The Best Defense: Preparing to Share the Road with Self-Driving Cars
The promise of self-driving cars is that they’ll make the roads safer. Because they can constantly obey the rules of safe driving, avoid conflict by communicating with one another directly, and eliminate the potential for driver error, self-driving vehicles are seen by manufacturers, experts, and safety regulators as a game-changer when it comes to reducing the risk of collisions.
But how is this going to affect people who still prefer to drive? Will drivers be able to share the road safely with self-driving cars? Will we have to learn new skills or adopt new technologies if we want to stay in charge of our own driving experience?
One thing that even advocates of driverless vehicles admit is that the system will be safest when everyone is using one. For instance, Mary Cummings, director of the Humans and Autonomy Lab at Duke University, has suggested that, “The best thing that we could do is for everyone to get out of their cars today and have them all be driverless with no steering wheels tomorrow.”
To understand why this is the case, we have to look at how the autonomous vehicle system is intended to work.
- As we’ve discussed, the vehicle’s internal system consists of several components designed to help the car navigate the environment and obey the rules of the road. These include detailed maps, sophisticated sensors, internal processors, and complex algorithms that guide the car through evolving situations on the road.
- In addition, these cars are designed to communicate with one another to prevent them from interacting unsafely. Connected cars are unlikely to crash and can improve traffic flow by maintaining stable following distances, calculating alternate routes, and making right-of-way decisions without delay.
While the internal system will ensure that each car proceeds in a generally safe manner, it’s integration between vehicles that’s really the key to smooth interactions between everyone on the road. So as long as some people are driving and some people are riding in self-driving cars, there’s the potential for one type of traffic flow to disrupt the other (as this simple online game illustrates).
Due to these concerns, it’s worth asking what the roads will look like when people start adopting autonomous vehicle technology. Let’s consider some of the new risks we’ll be facing.
The Risks of Self-driving Cars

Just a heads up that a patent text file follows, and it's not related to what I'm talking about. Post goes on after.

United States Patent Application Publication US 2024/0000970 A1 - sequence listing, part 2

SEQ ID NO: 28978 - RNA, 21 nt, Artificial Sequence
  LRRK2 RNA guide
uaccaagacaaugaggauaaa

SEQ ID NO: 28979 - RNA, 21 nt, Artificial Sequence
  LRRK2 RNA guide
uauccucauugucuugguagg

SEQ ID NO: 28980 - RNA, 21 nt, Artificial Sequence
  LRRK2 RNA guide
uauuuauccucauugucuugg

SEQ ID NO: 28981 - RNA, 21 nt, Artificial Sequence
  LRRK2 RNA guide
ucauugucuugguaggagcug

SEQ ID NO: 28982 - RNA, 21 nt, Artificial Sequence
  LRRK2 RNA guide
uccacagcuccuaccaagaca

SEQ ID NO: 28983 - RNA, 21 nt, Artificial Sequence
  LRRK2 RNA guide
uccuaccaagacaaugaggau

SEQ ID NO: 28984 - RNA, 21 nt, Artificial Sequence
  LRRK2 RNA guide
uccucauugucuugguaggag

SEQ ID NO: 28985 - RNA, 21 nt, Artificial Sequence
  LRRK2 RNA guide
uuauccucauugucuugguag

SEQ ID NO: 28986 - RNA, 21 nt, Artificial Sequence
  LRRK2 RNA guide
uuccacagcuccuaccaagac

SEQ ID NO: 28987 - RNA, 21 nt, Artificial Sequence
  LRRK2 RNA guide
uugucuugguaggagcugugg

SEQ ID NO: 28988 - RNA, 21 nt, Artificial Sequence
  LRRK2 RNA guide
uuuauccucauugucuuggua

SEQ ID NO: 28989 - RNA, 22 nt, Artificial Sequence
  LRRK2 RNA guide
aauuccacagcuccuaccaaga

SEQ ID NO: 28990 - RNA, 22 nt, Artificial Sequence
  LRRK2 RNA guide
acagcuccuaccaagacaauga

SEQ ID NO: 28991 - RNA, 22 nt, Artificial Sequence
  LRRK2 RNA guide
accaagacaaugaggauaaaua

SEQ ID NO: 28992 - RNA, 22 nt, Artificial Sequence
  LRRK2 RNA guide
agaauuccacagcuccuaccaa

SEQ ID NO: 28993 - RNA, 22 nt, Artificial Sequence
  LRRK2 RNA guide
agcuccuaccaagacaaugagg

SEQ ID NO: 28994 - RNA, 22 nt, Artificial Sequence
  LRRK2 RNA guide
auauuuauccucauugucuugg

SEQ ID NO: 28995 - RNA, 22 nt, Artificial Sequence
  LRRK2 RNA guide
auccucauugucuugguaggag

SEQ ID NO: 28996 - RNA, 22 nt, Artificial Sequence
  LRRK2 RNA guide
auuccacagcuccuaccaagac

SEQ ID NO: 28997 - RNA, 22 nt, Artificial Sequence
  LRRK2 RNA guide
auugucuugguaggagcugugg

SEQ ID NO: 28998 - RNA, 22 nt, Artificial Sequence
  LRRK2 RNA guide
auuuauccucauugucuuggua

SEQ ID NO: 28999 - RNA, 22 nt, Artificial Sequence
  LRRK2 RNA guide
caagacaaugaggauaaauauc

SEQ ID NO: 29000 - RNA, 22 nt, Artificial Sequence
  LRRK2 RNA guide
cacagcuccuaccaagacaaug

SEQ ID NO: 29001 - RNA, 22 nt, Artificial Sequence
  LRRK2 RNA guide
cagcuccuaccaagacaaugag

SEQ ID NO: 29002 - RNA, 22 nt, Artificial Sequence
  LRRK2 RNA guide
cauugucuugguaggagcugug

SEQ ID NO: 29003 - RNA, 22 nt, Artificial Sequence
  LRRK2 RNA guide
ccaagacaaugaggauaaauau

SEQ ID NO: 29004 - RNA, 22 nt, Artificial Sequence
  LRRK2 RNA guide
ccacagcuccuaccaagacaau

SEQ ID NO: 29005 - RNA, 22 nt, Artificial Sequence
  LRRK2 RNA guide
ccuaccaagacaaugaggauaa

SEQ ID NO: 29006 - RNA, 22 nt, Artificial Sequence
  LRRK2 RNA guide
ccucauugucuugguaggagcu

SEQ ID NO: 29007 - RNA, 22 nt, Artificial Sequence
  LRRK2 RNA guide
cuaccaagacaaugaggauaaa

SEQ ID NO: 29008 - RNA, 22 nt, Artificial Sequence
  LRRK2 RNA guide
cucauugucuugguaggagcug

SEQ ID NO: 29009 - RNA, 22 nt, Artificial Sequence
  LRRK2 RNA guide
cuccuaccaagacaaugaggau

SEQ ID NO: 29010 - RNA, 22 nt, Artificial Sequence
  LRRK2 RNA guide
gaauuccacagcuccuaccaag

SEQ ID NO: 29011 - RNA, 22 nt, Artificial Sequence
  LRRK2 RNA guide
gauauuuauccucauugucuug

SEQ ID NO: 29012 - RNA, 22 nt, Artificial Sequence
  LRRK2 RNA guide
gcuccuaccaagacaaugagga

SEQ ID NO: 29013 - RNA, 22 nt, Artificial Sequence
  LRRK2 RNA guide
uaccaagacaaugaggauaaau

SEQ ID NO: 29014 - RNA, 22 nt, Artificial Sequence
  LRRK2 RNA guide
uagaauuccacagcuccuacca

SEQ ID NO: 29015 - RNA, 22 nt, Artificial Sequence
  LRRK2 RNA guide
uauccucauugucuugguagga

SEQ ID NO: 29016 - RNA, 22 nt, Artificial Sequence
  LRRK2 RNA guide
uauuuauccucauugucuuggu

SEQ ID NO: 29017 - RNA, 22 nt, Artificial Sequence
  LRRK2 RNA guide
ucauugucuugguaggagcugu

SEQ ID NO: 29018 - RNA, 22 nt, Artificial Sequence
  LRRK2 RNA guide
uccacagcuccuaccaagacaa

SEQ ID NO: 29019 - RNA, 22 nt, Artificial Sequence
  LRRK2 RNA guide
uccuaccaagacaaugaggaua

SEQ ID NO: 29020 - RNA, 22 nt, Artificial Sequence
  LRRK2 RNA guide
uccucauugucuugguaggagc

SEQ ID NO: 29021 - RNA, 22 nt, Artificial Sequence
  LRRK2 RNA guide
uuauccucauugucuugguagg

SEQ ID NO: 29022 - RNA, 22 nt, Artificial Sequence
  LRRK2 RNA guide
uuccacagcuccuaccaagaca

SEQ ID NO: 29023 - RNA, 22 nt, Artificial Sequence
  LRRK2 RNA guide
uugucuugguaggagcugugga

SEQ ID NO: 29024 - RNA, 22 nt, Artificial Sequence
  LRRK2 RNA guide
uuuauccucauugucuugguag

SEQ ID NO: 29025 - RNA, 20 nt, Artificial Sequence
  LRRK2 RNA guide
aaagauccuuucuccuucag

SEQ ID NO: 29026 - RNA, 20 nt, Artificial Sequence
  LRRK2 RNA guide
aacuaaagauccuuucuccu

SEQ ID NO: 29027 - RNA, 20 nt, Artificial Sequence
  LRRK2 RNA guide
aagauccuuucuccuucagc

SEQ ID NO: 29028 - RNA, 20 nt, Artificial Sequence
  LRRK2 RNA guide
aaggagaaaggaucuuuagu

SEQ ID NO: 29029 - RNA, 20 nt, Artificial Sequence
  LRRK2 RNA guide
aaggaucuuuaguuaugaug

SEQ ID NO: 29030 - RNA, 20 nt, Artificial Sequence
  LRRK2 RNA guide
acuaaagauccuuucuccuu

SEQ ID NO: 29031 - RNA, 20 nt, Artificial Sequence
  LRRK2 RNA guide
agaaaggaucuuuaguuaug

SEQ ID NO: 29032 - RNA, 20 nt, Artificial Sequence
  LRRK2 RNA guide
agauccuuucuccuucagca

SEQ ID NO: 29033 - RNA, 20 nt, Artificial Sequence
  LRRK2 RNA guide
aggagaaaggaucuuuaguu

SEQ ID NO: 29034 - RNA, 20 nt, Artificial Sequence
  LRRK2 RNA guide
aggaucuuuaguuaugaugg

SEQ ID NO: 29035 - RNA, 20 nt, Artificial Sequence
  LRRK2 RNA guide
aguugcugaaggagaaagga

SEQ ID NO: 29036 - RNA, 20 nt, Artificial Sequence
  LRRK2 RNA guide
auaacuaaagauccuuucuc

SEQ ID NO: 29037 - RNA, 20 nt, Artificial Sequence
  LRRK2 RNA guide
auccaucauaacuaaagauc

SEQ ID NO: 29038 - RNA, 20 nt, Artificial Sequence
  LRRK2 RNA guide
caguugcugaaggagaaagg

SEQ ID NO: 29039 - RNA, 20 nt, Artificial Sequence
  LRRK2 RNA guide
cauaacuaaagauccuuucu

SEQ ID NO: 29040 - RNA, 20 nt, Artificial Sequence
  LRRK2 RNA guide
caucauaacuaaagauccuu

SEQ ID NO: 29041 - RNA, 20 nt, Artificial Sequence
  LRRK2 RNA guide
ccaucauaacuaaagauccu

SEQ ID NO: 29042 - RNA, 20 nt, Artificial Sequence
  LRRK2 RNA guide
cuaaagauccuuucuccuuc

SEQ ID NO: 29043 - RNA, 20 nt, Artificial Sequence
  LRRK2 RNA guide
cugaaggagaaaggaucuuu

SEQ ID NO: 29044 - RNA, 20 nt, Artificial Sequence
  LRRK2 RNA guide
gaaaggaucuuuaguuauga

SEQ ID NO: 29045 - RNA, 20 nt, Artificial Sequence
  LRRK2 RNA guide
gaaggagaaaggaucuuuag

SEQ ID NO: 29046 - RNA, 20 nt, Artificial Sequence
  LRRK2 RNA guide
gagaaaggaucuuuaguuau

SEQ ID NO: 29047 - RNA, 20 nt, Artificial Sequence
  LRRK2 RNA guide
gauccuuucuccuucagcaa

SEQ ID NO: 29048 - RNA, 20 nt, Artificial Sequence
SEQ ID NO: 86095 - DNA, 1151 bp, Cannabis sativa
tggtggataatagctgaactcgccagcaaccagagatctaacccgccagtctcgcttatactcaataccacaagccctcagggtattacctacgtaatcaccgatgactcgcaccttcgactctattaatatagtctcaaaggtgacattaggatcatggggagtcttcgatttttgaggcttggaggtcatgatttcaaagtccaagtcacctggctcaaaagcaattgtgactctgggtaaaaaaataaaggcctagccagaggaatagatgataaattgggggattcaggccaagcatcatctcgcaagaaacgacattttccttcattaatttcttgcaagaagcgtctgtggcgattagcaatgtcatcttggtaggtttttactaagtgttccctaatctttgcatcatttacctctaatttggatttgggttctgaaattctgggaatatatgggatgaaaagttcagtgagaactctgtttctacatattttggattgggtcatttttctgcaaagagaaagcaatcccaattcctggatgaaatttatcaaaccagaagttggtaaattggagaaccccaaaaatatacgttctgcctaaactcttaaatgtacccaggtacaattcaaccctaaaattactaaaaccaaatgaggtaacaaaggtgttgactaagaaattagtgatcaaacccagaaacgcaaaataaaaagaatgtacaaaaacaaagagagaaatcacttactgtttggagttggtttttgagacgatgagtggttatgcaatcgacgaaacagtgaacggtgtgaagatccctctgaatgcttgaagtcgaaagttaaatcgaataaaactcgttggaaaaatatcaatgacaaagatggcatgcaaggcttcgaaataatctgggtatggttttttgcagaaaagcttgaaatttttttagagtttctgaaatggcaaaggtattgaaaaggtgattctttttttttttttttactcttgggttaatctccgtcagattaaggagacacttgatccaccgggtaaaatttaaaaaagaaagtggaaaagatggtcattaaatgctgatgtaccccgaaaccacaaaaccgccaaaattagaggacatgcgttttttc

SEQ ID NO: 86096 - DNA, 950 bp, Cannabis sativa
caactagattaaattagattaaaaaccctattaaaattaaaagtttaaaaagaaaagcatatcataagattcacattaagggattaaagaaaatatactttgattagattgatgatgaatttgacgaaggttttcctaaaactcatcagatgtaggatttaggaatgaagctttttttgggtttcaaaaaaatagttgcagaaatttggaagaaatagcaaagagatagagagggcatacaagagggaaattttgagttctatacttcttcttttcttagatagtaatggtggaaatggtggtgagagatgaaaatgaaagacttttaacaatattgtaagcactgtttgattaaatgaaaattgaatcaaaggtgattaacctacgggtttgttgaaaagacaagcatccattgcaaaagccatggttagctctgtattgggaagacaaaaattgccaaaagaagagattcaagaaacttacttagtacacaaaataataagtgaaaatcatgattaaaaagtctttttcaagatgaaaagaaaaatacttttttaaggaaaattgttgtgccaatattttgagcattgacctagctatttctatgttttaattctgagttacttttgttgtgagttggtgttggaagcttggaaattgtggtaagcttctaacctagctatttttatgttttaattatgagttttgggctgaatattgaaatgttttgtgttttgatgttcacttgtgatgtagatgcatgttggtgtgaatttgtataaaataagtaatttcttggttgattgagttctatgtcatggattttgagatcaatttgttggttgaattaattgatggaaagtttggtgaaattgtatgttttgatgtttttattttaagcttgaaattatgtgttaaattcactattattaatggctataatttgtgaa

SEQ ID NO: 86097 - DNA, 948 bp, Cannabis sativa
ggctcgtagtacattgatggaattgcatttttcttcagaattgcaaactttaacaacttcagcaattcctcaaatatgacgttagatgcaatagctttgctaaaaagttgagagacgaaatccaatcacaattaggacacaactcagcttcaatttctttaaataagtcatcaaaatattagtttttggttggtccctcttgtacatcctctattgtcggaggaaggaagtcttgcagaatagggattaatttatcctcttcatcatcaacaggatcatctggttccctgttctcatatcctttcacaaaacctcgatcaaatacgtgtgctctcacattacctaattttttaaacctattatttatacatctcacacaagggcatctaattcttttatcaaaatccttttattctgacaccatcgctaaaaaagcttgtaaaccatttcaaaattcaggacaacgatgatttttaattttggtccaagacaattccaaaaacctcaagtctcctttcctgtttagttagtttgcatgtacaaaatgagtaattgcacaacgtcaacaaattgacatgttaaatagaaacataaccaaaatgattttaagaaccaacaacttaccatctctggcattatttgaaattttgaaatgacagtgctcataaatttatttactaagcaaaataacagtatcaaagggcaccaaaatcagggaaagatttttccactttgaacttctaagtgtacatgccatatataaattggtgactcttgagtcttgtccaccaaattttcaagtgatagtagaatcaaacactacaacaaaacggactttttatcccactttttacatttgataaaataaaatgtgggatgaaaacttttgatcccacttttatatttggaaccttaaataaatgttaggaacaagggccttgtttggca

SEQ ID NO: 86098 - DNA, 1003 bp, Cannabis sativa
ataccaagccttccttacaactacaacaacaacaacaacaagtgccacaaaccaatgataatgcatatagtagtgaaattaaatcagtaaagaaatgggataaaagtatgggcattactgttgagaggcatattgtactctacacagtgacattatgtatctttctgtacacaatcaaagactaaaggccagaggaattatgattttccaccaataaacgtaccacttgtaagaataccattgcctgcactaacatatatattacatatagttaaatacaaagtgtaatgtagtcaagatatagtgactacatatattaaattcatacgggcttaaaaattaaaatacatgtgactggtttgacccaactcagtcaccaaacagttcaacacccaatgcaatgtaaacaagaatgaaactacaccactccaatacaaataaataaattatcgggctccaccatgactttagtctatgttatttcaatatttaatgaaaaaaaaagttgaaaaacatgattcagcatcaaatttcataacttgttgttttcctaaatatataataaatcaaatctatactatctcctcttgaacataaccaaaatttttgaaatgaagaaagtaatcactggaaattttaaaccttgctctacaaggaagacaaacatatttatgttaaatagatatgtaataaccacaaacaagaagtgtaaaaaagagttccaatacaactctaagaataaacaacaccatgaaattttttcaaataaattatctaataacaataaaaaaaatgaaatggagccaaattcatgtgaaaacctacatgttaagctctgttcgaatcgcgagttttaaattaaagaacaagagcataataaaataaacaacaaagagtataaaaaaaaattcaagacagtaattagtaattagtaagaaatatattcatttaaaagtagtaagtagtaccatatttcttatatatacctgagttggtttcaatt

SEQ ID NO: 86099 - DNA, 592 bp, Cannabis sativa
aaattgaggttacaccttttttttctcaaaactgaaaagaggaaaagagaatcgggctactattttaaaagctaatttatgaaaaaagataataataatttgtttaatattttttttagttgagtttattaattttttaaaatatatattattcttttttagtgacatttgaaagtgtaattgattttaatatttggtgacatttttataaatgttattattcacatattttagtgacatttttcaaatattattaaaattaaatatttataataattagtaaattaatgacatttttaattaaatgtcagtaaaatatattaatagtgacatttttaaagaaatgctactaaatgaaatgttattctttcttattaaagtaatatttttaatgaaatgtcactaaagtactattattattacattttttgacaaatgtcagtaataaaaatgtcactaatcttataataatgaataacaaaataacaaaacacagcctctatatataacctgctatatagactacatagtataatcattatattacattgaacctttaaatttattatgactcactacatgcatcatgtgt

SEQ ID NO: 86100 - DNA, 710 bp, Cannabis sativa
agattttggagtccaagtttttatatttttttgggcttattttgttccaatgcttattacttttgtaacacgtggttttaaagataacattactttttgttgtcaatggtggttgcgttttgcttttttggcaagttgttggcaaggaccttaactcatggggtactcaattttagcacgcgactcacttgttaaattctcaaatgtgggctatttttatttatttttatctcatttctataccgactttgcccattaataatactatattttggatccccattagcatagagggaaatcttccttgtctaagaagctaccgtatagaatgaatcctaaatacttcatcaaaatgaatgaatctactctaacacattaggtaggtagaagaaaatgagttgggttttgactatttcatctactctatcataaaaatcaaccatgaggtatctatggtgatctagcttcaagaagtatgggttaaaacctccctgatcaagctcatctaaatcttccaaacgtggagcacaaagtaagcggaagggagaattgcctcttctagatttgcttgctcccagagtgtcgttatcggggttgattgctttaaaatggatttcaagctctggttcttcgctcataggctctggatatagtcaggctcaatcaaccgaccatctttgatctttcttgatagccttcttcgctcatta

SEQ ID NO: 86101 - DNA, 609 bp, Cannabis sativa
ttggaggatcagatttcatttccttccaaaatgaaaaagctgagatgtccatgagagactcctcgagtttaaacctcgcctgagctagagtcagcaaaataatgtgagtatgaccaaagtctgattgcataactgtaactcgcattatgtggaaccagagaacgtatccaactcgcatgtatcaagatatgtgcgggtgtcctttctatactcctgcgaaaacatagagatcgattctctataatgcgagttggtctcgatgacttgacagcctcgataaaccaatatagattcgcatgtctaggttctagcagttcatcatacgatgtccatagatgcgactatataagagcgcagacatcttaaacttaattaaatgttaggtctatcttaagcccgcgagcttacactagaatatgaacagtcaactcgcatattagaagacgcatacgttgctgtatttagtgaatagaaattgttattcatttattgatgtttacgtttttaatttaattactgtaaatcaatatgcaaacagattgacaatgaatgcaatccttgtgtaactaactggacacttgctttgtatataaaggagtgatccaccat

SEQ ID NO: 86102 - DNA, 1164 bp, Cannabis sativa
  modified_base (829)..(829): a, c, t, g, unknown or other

First, we’ll look at what the experience will be like for people who choose to switch to self-driving cars. There’s no doubt that, most of the time, letting the car do the driving will be safer than doing it yourself, as 94% of collisions are due to driver error. And because the computer guiding the car can’t get tired or angry or distracted, we can expect it to behave in a consistently safe way whenever it’s on the road.
In fact, the biggest risk these riders face may be from people who still choose to drive. Think about it: the most unpredictable thing about driving is drivers. If there were no drivers, you’d pretty much always be able to read the road and predict what was coming with ease. And if there were only connected, self-driving cars, no one would ever do anything unexpected and all vehicles would automatically adjust to the actions of others.
Unfortunately, full adoption of driverless cars probably won’t happen for decades, if it ever happens at all. For one thing, because people don’t know how well it’ll work, three out of four Americans are currently afraid of self-driving car technology, according to a recent survey by AAA. On top of that, most people won’t even consider a switch until they need to replace their current car.
This is the reality behind the main source of disagreement between state and national regulators and Google, the leading developer of autonomous vehicles. As we’ve noted, the California DMV has announced preliminary rules that will require self-driving cars to be equipped with a steering wheel and brakes so the driver can take control in an emergency. Similarly, the NHTSA has announced that, for now, these cars will only be acceptable if they meet current safety regulations, which also require driver controls in the car. (Thanks to these requirements, you’ll probably need a special license to operate a driverless car, even if you never actually drive it.)